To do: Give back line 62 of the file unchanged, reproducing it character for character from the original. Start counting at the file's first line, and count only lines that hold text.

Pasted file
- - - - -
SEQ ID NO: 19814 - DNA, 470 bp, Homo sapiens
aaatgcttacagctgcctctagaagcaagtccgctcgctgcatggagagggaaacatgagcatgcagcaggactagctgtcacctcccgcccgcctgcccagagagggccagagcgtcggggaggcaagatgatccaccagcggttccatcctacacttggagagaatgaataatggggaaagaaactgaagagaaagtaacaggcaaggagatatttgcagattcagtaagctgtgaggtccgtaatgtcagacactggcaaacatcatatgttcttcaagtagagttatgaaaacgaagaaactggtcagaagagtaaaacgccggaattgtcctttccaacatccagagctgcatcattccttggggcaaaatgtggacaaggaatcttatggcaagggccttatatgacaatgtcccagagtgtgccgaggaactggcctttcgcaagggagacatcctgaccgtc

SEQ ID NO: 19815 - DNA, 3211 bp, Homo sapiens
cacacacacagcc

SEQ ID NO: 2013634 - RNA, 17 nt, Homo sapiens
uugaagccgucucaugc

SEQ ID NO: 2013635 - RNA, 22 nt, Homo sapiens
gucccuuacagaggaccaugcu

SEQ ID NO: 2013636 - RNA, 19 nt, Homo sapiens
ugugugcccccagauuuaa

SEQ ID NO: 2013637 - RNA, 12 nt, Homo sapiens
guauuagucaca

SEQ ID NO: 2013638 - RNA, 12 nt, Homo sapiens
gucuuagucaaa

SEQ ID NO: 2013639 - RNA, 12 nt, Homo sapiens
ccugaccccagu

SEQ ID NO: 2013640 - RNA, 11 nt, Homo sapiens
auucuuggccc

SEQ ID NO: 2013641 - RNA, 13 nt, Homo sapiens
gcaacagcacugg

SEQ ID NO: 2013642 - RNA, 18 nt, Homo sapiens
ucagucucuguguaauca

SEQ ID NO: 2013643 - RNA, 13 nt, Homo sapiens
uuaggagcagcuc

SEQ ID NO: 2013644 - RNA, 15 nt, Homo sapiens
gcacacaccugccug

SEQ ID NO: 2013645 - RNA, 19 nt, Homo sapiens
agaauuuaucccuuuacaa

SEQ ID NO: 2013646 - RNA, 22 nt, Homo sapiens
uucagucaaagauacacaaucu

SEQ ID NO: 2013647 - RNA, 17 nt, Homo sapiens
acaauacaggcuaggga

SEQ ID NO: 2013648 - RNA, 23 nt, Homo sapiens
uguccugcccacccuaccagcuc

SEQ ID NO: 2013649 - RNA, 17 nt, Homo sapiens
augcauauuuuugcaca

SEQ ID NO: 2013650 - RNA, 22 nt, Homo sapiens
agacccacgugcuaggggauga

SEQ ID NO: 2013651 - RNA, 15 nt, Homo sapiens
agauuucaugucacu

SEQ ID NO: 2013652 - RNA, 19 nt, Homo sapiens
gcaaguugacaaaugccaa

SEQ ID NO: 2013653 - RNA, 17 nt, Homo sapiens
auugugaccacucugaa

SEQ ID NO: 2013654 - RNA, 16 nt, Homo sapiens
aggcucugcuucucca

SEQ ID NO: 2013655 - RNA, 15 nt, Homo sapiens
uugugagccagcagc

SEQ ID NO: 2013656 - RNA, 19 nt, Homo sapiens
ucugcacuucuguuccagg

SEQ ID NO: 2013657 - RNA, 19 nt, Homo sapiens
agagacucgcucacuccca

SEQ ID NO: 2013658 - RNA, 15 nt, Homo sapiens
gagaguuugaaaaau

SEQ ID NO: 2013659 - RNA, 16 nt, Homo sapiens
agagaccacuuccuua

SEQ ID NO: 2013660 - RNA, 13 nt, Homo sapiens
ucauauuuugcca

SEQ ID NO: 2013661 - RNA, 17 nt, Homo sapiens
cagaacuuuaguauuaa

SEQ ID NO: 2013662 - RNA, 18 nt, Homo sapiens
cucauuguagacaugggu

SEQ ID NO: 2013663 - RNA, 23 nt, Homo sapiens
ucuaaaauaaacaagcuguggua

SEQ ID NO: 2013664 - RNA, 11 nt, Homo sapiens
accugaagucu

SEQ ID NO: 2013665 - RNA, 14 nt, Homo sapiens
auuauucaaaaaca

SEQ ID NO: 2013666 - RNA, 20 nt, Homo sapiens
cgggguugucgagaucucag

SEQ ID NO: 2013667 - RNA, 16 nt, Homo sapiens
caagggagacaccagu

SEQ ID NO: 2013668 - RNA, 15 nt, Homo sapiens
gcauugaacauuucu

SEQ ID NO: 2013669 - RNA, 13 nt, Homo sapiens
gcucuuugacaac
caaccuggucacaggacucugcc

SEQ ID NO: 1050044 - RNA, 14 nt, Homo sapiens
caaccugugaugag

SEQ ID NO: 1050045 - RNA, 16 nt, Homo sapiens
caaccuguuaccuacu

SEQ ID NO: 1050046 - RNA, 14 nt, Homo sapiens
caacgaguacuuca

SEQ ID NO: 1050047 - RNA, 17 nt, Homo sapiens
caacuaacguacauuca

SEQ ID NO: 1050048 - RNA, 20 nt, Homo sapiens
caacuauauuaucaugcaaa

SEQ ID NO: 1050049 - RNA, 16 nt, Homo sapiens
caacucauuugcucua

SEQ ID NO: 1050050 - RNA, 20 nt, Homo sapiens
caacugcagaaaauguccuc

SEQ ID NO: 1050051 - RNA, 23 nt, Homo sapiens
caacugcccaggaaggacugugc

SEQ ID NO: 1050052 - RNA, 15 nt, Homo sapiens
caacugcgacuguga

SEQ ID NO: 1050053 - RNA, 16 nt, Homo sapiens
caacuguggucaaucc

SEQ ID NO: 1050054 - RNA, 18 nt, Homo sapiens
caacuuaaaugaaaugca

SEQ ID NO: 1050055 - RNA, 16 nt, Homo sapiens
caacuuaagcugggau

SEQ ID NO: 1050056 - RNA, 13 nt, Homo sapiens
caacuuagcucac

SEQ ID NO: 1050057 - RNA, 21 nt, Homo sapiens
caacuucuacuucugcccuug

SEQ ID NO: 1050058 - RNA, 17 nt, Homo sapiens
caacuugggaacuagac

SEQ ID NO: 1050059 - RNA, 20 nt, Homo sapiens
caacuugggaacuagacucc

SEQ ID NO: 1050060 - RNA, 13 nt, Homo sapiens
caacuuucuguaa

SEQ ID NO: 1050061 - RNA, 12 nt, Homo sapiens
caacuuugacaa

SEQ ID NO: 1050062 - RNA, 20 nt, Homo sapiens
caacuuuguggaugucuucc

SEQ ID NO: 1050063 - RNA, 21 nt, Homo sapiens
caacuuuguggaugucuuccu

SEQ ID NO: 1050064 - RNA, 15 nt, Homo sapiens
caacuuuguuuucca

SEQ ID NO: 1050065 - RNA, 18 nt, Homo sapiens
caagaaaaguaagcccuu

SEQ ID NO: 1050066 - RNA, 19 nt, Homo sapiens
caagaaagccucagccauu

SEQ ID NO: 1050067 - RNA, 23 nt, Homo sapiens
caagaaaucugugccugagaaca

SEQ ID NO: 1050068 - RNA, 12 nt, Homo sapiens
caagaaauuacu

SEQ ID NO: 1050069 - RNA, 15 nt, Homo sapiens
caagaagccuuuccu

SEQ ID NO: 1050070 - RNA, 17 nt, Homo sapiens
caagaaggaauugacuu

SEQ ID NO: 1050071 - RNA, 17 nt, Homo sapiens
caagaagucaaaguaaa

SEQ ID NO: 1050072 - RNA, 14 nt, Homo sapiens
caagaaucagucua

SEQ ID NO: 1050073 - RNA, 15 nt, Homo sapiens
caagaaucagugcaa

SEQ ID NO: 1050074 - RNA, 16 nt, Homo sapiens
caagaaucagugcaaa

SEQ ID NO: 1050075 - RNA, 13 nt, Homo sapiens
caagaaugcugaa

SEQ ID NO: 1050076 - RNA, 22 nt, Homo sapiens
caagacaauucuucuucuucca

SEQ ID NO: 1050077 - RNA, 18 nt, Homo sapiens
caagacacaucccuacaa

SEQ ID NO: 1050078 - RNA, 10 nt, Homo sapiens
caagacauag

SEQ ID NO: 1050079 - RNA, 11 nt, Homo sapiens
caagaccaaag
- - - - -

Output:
cucauuguagacaugggu